Cyprus police prevent multi-million deal to sell 4,000 year-old antiquities

Monday, January 25, 2010

Cyprus police bust large antiquities theft ring

NICOSIA, Cyprus — Authorities have busted a smuggling ring in Cyprus and recovered dozens of ancient artifacts it planned to sell for euro11 million (15.5 million), including a miniature gold coffin, silver coins and terra-cotta urns, police said Monday.

In what is believed to be the largest antiquities theft case of its kind in the Mediterranean island’s history, police seized the artifacts dating back thousands of years from homes, storage sheds and vehicles where they were being hidden.

The artifacts include copper and silver coins, terra-cotta urns and clay and limestone figurines believed to date from the Copper Age to around 400 B.C., Cyprus Antiquities Curator Maria Hadjicosti told The Associated Press.

Ten Cypriots were arrested during the raids over the weekend, and authorities were searching for another five suspects, including a Syrian man, police spokesman Michalis Katsounotos said. The suspects face charges of illegally possessing and trading in antiquities.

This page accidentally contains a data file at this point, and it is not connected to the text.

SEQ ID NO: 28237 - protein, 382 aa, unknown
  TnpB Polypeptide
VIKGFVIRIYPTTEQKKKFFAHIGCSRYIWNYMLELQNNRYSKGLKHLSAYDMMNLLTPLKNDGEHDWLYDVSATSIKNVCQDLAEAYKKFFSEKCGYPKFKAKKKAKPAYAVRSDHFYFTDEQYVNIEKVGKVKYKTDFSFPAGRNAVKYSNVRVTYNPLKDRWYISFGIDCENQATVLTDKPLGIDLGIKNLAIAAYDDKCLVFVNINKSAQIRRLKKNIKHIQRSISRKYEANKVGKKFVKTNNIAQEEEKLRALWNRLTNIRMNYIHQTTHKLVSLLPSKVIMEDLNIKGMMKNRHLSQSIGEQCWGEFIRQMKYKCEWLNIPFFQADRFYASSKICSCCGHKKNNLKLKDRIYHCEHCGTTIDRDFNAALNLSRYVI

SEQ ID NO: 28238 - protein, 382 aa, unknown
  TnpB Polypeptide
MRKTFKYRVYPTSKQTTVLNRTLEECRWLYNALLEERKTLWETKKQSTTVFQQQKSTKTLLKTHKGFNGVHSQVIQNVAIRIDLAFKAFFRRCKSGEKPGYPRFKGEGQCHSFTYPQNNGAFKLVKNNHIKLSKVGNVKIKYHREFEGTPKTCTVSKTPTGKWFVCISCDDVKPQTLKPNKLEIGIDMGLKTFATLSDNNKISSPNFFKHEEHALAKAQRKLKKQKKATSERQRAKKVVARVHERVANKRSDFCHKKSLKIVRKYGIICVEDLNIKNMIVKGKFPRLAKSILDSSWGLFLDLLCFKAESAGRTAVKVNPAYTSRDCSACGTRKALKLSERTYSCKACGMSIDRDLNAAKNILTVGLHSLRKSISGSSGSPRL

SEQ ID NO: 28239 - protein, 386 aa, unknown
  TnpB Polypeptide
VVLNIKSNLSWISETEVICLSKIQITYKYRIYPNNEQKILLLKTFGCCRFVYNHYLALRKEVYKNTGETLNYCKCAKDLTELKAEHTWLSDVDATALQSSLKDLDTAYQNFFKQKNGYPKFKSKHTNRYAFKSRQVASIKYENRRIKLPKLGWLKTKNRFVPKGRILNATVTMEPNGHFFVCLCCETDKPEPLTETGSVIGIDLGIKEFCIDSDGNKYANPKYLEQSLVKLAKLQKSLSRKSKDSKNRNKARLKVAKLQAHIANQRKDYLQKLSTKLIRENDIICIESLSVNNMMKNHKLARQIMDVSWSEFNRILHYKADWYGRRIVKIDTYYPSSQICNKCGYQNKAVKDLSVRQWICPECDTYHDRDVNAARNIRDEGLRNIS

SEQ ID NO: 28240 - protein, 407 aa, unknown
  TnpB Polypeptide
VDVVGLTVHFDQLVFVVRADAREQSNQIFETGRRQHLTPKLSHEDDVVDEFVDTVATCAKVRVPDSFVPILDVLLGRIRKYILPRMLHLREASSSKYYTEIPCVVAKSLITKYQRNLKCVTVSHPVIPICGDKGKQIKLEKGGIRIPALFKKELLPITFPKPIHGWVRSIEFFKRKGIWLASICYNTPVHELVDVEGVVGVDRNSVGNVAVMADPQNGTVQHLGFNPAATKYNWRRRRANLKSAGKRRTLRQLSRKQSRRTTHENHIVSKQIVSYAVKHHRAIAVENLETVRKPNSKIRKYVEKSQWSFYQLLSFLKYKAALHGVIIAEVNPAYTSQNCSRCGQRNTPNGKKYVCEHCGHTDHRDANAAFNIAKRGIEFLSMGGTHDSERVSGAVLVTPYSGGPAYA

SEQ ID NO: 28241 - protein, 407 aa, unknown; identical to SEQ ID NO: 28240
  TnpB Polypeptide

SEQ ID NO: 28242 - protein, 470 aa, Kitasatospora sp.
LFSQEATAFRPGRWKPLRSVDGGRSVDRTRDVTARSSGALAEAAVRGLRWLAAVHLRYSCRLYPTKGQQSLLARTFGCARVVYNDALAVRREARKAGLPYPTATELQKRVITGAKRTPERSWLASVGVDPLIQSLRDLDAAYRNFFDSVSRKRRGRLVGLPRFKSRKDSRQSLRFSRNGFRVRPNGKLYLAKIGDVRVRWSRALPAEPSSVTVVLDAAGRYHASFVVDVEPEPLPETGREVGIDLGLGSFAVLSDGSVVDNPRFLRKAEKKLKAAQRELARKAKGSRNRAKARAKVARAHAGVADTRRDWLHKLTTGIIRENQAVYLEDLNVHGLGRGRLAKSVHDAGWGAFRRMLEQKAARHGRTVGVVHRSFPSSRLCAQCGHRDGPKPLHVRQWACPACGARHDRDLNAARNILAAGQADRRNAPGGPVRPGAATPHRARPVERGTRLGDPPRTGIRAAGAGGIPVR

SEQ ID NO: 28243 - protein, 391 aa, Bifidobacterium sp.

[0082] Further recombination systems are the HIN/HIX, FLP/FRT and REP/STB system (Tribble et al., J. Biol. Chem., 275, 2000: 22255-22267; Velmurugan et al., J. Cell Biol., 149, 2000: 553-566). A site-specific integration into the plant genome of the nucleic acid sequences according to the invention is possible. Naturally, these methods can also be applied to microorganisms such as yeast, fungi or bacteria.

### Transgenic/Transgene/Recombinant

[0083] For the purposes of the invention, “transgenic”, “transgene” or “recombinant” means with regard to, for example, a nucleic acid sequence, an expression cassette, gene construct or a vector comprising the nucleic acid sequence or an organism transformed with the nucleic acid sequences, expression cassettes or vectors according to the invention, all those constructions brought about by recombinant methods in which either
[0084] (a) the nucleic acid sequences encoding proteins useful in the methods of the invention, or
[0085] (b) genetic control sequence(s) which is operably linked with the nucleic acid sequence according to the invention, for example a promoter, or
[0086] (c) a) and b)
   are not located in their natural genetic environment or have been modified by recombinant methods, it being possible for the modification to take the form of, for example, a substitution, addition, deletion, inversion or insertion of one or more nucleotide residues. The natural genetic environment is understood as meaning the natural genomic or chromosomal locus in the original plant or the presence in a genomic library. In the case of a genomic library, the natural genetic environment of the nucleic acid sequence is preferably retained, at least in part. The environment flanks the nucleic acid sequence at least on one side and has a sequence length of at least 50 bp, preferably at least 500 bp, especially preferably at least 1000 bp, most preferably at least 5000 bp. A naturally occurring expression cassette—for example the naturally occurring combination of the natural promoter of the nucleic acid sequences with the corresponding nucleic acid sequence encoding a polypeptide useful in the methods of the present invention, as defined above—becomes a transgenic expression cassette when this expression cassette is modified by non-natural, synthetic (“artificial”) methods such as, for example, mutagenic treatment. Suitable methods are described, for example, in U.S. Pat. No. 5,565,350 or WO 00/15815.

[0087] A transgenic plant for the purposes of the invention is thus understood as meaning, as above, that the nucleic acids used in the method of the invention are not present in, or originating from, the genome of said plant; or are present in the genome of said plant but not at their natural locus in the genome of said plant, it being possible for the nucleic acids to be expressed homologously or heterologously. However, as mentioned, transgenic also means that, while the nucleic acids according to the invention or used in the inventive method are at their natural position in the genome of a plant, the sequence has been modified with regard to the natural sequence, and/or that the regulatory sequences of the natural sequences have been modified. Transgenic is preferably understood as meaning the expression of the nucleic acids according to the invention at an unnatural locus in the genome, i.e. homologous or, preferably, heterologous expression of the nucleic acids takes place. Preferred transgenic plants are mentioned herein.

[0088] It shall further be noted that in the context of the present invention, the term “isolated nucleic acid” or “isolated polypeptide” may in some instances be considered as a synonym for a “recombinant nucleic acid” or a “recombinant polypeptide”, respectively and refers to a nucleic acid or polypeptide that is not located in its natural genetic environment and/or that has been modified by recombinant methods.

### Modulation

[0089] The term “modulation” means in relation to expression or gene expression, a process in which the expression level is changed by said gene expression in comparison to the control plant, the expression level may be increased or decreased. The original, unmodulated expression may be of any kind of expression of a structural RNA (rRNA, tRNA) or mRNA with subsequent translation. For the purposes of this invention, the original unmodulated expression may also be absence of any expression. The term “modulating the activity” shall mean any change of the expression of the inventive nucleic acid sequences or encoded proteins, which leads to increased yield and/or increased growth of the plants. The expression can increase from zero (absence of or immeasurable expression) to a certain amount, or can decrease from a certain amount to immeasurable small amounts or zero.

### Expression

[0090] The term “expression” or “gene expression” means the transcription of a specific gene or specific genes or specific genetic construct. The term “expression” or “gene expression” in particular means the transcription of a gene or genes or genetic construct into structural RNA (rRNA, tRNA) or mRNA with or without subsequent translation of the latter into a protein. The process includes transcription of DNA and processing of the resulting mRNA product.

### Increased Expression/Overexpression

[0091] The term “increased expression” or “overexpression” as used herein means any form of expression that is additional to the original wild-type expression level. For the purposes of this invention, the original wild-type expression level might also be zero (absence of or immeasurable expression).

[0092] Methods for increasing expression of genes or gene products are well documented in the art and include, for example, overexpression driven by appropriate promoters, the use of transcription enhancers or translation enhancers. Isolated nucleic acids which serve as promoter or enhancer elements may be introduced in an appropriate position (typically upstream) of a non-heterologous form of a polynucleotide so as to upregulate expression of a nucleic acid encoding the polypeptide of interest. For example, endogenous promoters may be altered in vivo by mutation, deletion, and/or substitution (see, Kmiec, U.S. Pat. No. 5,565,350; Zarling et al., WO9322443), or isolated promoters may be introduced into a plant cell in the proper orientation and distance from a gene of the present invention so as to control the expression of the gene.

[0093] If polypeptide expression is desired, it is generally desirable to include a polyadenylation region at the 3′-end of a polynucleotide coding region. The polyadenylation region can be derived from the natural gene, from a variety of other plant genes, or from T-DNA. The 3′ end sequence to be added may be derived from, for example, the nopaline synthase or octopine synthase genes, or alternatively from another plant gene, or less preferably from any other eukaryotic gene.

Police said the smugglers had planned to sell the artifacts in Cyprus, but would not identify the buyer. Authorities also said they were investigating where the artifacts had been obtained.

Katsounotos said this was Cyprus’ largest antiquities smuggling case in terms of the amount of recovered artifacts, their archaeological value and the number of arrests.

Most of the artifacts are urns primarily found around the southern coastal towns of Limassol and Paphos, Hadjicosti said. Some of the coins could date to Hellenistic and Roman times.

The curator said some of the recovered artifacts, including the gold coffin and other gold objects, don’t appear to be Cypriot, and more study was needed to determine their precise origins.

Communications Minister Nikos Nikolaides said the bust was conducted with the help of Greek authorities, but he wouldn’t provide details. He also said some of the antiquities may have been dug up from archaeological sites in the breakaway Turkish Cypriot north of the island.

Excavations on Cyprus have uncovered settlements dating back to around 9000 B.C. Cyprus then saw successive waves of colonization, including Phoenicians, Mycenaean Greeks, Romans and, in the Middle Ages, Franks and Venetians. The island was conquered by Ottoman Turks in 1571 and became part of the British Empire in 1878 before winning independence in 1960.

Violence between Cyprus’ majority Greek community and the Turkish community broke out shortly after, and the island has been divided along ethnic lines since a Turkish invasion in 1974 — prompted by a failed coup aimed at union with Greece.

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